For Ben Lamb, cashing and running deep in the Main Event is not something new. The 2011 WSOP Player of the Year has secured his fourth cash in the event and hoping this one is the on that brings the bracelet.
Lamb got his feet wet In 2007, Lamb finishing 156th in a field of 6,358 for $58,570. In 2009, he added another breakthrough, finishing 14th for $633,022. The pinnacle of his Main Event finishes came in 2011, when he finished third for $4,021,138. Now among the chip leaders on Day 7, he’s looking for a second shot at the final table.
“I’m having a lot of fun,” he says. “It’s always fun being deep in this tournament. It’s the most pressure, stressful, and emotional form of poker I’ve ever played. Things are going well for me.”
While he now lives in Las Vegas and plays professionally, Lamb grew up playing in the thriving Oklahoma poker scene. A native of Tulsa, the 32-year-old attended Jenks High School and says academics always came easy and didn’t have to study until college.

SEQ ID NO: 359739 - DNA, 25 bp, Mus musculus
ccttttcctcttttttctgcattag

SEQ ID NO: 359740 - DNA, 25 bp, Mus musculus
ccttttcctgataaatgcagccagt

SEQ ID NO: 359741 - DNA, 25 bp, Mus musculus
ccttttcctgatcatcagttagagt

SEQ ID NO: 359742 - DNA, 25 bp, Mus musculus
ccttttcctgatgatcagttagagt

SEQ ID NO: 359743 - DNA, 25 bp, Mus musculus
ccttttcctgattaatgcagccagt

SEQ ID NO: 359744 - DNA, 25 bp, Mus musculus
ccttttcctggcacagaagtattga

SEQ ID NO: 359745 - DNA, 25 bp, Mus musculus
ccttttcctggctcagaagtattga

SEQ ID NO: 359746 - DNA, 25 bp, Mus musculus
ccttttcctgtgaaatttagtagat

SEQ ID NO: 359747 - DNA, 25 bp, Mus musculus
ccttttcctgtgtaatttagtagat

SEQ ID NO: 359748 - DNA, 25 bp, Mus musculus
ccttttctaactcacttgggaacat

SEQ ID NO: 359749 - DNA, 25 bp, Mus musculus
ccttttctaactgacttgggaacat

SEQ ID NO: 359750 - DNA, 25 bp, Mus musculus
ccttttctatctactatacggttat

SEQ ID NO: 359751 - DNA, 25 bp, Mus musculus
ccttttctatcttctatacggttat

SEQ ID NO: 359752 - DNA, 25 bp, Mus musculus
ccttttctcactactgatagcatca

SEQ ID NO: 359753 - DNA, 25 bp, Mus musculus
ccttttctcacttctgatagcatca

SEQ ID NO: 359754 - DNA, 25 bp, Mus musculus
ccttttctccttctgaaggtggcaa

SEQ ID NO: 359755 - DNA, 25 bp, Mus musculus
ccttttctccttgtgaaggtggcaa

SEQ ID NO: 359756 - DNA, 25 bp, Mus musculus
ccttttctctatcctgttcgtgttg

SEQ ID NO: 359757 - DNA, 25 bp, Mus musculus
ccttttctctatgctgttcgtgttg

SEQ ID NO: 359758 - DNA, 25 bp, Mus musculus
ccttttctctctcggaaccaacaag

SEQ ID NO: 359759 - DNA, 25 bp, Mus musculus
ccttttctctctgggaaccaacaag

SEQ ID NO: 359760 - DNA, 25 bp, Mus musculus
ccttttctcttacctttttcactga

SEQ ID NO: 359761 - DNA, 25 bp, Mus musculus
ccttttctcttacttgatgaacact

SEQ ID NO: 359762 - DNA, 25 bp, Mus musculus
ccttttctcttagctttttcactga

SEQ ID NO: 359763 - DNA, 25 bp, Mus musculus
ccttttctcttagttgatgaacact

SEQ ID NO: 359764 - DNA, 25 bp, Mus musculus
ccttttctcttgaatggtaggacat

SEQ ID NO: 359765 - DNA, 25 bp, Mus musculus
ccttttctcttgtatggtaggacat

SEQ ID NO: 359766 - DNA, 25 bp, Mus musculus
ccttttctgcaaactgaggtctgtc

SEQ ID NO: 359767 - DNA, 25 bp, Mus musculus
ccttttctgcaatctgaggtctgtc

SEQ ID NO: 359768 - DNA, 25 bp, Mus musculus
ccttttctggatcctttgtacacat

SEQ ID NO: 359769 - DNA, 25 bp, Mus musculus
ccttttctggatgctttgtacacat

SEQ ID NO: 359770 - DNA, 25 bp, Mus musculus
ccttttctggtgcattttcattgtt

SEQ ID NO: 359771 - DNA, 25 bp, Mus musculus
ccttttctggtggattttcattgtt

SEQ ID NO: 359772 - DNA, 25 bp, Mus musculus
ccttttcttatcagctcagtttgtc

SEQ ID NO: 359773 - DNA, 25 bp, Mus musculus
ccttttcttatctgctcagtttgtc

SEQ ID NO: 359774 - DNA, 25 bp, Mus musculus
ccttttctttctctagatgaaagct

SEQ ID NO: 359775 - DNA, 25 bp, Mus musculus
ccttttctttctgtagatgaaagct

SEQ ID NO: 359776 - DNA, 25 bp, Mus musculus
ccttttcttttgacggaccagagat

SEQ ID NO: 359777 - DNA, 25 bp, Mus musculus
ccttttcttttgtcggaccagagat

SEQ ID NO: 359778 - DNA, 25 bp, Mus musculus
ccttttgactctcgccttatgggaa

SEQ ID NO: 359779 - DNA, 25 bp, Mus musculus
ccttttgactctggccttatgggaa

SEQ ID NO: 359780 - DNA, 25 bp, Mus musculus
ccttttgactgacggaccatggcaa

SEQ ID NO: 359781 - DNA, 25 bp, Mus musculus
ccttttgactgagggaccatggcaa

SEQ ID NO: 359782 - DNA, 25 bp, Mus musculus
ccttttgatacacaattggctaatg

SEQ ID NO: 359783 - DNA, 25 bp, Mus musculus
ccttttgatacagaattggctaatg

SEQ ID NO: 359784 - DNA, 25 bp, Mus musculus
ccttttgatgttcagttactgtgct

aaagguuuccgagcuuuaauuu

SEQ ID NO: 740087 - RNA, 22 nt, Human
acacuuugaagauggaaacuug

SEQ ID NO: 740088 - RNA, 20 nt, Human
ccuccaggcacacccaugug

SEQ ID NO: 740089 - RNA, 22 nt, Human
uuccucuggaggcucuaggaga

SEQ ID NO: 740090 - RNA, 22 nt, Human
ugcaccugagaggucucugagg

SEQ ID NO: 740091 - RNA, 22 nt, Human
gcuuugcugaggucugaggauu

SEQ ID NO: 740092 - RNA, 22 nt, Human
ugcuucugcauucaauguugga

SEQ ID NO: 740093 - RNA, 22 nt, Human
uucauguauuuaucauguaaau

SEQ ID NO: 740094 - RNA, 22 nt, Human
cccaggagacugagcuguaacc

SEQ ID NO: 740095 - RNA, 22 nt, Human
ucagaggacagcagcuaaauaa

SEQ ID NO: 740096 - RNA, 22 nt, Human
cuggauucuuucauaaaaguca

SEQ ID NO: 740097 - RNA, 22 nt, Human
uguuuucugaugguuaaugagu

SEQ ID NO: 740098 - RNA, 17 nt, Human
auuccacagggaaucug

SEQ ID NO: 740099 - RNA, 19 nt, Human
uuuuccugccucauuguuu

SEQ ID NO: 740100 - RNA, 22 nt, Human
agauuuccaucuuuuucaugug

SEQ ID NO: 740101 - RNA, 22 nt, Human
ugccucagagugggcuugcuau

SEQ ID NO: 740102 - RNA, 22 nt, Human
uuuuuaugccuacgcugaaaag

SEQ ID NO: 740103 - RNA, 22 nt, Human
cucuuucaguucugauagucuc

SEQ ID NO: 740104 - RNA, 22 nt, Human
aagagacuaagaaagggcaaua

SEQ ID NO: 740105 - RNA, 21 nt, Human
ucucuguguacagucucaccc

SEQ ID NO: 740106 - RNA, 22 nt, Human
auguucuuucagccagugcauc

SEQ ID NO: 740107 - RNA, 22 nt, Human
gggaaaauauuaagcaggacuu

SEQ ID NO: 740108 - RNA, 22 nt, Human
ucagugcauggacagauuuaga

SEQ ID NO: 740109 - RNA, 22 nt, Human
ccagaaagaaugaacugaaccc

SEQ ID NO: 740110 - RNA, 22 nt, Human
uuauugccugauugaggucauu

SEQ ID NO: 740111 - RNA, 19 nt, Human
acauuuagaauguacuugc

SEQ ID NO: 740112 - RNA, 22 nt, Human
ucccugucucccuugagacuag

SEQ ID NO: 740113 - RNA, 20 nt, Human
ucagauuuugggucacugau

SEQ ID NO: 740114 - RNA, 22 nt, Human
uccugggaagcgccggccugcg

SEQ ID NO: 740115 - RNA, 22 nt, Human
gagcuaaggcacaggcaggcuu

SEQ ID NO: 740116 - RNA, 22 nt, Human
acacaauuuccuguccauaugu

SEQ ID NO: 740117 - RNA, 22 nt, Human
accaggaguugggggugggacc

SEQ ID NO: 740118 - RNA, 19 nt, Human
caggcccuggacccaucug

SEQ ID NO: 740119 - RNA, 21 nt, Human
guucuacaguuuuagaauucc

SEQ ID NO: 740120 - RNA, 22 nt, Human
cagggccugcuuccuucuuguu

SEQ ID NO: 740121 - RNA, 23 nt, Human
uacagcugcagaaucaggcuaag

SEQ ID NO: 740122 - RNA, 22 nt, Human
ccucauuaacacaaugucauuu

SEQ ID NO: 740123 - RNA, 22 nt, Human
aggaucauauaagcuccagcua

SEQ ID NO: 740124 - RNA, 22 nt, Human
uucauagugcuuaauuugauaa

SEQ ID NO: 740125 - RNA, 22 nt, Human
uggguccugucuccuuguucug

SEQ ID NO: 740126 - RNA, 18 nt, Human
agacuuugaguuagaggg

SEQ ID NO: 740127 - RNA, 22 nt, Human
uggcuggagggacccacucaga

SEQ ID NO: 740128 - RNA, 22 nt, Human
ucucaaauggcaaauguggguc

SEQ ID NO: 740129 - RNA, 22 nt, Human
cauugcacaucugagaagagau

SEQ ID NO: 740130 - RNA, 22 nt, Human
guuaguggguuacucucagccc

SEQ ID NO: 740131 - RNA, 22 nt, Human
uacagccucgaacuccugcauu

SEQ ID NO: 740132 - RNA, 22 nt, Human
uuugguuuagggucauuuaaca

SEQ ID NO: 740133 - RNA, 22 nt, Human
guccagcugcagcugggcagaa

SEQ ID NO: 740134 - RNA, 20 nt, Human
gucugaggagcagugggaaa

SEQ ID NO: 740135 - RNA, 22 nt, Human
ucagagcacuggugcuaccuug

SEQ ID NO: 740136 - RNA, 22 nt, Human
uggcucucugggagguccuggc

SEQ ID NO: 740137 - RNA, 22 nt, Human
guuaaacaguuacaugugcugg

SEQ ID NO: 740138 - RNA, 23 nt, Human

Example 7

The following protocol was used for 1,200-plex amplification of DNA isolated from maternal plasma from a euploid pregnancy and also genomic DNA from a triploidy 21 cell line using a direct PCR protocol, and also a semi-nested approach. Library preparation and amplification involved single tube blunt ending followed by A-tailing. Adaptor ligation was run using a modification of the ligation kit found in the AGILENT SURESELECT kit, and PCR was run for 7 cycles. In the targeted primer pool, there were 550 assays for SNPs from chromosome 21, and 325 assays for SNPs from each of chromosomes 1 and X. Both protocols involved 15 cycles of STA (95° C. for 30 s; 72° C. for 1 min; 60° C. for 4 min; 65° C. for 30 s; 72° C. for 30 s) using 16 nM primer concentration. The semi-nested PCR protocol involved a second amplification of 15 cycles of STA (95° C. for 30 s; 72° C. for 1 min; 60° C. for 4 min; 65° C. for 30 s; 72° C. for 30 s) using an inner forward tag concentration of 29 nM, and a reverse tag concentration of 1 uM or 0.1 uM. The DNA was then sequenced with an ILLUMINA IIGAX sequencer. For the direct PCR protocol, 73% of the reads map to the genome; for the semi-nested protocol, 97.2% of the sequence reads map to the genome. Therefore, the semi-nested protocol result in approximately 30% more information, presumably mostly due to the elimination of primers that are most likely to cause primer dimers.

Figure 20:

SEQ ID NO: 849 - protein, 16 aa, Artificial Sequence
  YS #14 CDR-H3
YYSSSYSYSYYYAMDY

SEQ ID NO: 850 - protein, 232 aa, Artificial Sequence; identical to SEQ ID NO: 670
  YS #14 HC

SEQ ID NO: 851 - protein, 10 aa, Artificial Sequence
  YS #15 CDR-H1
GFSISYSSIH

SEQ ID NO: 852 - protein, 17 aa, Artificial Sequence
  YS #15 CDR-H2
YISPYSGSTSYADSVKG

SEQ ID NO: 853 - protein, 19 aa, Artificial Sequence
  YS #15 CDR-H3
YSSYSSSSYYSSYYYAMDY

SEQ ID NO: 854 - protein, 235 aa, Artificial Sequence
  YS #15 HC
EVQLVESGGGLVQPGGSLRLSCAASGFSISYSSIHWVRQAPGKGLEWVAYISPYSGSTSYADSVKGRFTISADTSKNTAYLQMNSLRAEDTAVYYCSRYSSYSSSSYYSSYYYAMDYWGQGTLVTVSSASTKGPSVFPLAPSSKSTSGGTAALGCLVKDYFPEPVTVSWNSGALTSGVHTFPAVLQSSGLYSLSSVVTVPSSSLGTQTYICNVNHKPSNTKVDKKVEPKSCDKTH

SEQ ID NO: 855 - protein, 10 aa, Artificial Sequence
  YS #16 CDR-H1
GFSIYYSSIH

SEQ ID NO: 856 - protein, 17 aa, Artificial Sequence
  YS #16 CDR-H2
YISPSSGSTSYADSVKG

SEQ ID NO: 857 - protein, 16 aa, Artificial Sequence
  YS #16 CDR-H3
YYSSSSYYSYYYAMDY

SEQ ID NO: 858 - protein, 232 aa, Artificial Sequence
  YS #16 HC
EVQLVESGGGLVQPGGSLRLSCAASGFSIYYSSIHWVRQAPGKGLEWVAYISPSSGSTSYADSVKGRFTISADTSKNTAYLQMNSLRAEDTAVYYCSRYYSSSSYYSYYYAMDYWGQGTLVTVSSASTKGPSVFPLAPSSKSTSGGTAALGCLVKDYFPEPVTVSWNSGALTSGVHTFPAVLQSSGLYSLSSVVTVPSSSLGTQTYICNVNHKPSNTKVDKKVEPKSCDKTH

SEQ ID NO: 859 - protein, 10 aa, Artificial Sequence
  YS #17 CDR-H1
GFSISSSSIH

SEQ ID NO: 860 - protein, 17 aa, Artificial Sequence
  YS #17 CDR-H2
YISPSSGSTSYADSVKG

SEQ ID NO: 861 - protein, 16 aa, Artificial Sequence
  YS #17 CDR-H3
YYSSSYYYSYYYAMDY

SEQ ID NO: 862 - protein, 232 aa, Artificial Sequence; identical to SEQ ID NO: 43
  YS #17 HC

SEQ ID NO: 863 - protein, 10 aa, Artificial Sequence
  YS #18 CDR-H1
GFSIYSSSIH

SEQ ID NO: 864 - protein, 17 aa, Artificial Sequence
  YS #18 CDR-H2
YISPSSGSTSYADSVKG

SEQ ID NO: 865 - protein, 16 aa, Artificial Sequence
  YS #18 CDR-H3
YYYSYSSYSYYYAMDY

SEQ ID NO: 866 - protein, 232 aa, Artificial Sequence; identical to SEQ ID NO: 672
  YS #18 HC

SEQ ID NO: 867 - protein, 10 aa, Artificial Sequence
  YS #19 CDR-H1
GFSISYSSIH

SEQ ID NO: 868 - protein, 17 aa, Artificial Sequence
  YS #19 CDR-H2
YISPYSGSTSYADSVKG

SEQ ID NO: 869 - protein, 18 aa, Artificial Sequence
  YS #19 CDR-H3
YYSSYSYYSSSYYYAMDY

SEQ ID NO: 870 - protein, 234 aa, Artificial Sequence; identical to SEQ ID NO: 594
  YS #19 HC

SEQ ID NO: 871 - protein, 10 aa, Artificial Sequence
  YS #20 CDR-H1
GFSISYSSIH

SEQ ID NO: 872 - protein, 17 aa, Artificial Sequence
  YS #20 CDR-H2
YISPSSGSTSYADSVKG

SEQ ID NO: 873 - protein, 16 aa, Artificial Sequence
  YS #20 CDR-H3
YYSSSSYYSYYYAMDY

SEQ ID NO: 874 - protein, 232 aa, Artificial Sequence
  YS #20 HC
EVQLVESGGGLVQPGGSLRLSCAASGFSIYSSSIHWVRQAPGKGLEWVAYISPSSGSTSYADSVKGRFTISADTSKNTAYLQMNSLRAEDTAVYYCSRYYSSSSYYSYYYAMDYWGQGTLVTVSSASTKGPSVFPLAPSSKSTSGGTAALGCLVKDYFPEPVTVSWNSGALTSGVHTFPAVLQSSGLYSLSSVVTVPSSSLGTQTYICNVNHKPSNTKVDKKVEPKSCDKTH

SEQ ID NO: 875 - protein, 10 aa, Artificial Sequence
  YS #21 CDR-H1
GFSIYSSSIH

Although he played billiards and golf with friends while in high school, the poker boom was also well under way. Chris Moneymaker’s 2003 rags-to-riches WSOP win helped spark his interest in the game, and he and his friends in high school joined in on the action. His card-playing continued during his one semester at Trinity University in San Antonio, Texas.
As his winnings increased, his interest in continuing college waned and he ditched his school books for the life of a poker rounder.
“I was making decent money while in college and decided to take a year off and give myself a shot at poker,” he says. “I’ve never looked back.”
Lamb is not the first poker shark from Tulsa. Bobby Baldwin became Main Event champion in 1978 and won four WSOP bracelets before becoming a successful casino industry executive. Lamb is hoping he can move that Tulsa total to two.